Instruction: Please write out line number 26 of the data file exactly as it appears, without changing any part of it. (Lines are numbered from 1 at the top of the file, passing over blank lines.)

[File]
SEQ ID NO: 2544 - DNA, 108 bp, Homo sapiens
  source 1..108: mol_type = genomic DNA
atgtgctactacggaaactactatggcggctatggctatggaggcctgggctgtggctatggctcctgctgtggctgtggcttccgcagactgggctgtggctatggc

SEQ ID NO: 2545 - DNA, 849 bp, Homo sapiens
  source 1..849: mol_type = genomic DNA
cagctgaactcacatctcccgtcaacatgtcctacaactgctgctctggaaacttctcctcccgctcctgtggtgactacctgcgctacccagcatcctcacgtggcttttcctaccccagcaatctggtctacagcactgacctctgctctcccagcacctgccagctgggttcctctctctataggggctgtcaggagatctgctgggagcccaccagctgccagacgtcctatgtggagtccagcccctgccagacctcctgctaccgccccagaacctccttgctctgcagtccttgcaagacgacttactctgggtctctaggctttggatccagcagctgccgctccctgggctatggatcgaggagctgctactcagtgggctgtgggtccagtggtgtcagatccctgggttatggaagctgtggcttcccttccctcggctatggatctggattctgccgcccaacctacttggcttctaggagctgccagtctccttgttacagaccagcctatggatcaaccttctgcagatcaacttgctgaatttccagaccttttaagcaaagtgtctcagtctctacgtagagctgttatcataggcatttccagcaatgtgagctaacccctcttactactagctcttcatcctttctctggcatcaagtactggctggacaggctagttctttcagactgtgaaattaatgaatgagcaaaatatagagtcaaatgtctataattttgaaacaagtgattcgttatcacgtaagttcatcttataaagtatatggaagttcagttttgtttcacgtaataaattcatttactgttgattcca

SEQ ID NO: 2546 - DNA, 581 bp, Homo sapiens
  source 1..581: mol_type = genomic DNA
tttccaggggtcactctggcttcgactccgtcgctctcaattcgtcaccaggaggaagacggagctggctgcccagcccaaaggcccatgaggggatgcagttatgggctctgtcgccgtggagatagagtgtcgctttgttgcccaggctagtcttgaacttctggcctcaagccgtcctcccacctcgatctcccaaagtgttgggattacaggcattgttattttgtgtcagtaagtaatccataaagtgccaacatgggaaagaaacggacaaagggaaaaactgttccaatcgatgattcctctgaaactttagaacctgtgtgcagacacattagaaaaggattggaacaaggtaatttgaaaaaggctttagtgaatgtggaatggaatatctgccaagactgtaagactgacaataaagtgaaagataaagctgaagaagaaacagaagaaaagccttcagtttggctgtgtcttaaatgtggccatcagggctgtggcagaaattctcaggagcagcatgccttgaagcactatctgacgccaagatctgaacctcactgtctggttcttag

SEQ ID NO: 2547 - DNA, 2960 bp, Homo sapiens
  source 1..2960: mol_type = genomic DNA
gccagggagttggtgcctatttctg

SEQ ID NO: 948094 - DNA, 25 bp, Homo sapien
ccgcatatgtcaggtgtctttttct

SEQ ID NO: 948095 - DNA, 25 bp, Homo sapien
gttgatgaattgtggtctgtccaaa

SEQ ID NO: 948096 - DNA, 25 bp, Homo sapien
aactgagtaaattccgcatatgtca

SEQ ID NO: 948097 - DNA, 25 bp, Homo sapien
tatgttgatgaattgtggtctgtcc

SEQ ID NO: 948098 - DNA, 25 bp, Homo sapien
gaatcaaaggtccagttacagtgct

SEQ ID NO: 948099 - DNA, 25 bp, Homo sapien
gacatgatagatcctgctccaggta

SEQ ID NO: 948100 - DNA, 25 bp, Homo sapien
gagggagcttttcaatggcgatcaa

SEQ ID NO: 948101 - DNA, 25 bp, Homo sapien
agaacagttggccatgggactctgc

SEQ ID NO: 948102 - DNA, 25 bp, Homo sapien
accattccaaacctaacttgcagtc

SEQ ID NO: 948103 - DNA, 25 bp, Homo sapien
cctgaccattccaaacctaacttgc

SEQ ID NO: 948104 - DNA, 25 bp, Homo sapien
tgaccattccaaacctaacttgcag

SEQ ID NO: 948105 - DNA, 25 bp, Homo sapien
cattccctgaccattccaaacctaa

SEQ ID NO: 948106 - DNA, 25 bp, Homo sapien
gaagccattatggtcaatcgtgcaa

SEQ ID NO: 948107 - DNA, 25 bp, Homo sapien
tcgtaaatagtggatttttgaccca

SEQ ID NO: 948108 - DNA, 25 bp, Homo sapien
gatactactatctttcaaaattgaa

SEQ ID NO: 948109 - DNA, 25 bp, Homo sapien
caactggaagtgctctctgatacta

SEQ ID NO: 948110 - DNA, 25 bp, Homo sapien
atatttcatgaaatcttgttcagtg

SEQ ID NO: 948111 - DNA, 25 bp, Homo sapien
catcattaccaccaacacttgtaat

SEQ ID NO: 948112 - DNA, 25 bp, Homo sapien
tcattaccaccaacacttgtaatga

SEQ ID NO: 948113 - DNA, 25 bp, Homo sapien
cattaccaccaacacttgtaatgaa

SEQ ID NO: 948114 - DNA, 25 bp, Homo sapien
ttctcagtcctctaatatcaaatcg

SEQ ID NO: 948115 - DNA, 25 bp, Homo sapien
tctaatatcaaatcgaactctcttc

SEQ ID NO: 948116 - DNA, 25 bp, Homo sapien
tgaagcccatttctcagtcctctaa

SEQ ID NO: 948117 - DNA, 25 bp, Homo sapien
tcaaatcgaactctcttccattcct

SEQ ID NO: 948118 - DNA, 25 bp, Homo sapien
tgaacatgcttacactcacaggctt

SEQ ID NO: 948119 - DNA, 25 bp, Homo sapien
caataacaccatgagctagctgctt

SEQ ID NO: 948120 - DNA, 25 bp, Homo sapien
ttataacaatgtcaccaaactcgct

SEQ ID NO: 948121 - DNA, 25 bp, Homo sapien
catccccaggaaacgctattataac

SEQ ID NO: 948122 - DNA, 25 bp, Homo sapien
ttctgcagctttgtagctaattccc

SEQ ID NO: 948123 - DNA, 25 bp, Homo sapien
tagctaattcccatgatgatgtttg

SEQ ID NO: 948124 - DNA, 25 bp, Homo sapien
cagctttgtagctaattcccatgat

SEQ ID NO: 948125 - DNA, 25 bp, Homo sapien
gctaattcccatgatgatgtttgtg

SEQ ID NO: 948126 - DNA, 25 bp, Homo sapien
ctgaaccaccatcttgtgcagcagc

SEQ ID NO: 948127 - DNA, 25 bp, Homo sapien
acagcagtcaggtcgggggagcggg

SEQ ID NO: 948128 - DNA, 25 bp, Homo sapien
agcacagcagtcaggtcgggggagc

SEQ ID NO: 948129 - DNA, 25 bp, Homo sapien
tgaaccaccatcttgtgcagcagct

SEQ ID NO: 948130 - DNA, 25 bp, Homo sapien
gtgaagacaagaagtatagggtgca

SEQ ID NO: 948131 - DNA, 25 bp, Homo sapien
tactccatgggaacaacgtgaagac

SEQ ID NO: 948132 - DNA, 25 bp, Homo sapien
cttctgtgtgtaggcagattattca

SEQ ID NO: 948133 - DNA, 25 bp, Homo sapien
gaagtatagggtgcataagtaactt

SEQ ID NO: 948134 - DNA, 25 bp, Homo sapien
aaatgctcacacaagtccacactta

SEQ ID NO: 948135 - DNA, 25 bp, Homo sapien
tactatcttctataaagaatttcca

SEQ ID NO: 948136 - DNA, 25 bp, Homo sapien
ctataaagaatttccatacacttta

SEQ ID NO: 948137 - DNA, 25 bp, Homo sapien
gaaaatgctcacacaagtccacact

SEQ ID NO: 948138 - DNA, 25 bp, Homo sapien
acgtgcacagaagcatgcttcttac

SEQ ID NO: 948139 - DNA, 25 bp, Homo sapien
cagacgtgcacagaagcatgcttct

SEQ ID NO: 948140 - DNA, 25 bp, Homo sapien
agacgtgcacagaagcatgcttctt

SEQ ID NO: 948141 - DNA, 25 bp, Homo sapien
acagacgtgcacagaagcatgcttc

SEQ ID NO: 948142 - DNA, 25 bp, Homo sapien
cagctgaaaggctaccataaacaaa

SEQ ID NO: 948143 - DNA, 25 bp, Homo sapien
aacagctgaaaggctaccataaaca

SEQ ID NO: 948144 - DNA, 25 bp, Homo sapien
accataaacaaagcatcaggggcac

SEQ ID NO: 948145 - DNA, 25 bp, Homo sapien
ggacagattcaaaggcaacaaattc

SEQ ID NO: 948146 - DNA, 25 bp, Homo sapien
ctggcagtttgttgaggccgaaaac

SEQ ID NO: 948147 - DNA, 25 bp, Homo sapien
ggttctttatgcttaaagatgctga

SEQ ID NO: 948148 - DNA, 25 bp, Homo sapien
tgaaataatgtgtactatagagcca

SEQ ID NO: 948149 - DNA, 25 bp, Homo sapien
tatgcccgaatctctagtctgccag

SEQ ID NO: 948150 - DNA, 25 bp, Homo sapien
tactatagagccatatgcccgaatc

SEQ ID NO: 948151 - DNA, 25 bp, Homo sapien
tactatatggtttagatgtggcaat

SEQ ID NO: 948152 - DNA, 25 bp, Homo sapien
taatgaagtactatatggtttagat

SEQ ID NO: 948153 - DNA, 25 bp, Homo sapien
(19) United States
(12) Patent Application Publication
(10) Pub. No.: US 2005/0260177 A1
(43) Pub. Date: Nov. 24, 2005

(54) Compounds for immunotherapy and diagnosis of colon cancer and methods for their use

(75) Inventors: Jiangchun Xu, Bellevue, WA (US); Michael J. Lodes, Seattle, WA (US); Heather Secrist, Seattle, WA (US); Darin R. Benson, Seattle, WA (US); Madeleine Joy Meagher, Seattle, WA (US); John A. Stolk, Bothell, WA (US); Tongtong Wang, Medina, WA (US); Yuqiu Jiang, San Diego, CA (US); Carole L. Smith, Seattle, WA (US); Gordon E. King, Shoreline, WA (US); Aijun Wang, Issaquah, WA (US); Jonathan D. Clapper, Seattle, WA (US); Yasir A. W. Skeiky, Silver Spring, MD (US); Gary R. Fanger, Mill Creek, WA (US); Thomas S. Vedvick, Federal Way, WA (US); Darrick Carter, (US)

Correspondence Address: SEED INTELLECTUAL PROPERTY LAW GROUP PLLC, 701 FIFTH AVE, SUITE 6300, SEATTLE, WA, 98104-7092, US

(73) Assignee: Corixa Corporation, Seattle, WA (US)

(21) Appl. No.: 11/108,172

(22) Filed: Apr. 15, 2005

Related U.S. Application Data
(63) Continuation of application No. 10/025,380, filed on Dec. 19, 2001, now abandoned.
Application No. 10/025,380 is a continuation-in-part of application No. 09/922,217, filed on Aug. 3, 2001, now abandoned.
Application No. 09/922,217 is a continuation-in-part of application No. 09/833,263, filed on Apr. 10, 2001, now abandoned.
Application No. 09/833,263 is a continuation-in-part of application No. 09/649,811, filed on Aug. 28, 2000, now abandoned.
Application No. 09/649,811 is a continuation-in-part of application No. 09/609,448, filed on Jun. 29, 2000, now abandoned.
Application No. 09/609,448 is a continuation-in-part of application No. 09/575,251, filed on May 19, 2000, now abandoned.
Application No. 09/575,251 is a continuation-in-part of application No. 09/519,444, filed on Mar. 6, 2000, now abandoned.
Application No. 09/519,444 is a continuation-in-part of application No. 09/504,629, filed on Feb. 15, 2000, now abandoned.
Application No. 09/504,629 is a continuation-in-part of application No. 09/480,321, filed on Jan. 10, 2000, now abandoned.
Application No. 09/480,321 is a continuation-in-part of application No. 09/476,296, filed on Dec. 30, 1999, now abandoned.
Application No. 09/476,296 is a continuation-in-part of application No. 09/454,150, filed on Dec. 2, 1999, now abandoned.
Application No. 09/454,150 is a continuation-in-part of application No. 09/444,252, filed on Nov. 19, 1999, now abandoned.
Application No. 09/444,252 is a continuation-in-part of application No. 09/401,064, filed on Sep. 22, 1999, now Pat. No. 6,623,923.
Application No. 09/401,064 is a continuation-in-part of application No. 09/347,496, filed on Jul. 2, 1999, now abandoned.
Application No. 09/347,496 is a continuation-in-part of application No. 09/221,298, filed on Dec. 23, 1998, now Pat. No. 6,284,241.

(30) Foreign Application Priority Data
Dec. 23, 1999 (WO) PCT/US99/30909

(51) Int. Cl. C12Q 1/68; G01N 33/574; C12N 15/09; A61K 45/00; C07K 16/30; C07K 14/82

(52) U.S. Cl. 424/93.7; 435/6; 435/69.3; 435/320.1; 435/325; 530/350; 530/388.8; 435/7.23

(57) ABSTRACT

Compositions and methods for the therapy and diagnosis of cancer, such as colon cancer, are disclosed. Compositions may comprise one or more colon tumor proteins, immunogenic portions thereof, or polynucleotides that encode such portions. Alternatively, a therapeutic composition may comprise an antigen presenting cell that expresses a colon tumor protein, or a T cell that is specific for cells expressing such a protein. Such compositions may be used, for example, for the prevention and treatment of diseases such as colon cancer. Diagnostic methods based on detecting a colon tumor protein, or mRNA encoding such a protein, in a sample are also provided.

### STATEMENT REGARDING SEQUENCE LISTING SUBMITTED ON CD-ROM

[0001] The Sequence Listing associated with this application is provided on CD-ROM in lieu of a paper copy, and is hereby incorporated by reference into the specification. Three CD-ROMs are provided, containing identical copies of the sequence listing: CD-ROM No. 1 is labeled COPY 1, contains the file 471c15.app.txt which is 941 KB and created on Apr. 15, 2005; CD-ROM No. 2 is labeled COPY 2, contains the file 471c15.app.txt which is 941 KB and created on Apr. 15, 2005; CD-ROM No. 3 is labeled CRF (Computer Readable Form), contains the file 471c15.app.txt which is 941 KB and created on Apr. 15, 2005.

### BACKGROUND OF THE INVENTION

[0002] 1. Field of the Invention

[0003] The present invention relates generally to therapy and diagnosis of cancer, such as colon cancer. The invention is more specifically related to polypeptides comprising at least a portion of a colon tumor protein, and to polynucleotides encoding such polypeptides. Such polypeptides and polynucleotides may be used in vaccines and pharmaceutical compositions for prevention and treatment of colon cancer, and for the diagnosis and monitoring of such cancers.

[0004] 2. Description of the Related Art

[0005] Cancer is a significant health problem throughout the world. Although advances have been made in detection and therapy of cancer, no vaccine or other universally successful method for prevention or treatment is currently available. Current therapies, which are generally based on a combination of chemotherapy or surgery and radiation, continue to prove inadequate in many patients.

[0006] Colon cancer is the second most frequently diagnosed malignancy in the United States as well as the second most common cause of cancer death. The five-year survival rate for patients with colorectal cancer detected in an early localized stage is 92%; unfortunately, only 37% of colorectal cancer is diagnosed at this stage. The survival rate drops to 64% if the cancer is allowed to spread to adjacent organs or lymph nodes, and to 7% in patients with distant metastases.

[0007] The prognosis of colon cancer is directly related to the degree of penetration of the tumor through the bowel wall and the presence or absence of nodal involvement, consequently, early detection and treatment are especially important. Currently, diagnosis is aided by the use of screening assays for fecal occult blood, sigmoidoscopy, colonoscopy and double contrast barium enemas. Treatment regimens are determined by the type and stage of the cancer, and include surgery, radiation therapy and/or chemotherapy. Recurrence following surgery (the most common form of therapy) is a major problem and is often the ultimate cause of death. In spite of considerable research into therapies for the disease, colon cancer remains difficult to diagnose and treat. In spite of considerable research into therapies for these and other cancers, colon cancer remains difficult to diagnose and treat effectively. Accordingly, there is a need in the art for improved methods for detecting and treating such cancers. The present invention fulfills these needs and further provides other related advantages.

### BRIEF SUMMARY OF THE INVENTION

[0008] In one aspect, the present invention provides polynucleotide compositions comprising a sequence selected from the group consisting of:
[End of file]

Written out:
gagggagcttttcaatggcgatcaa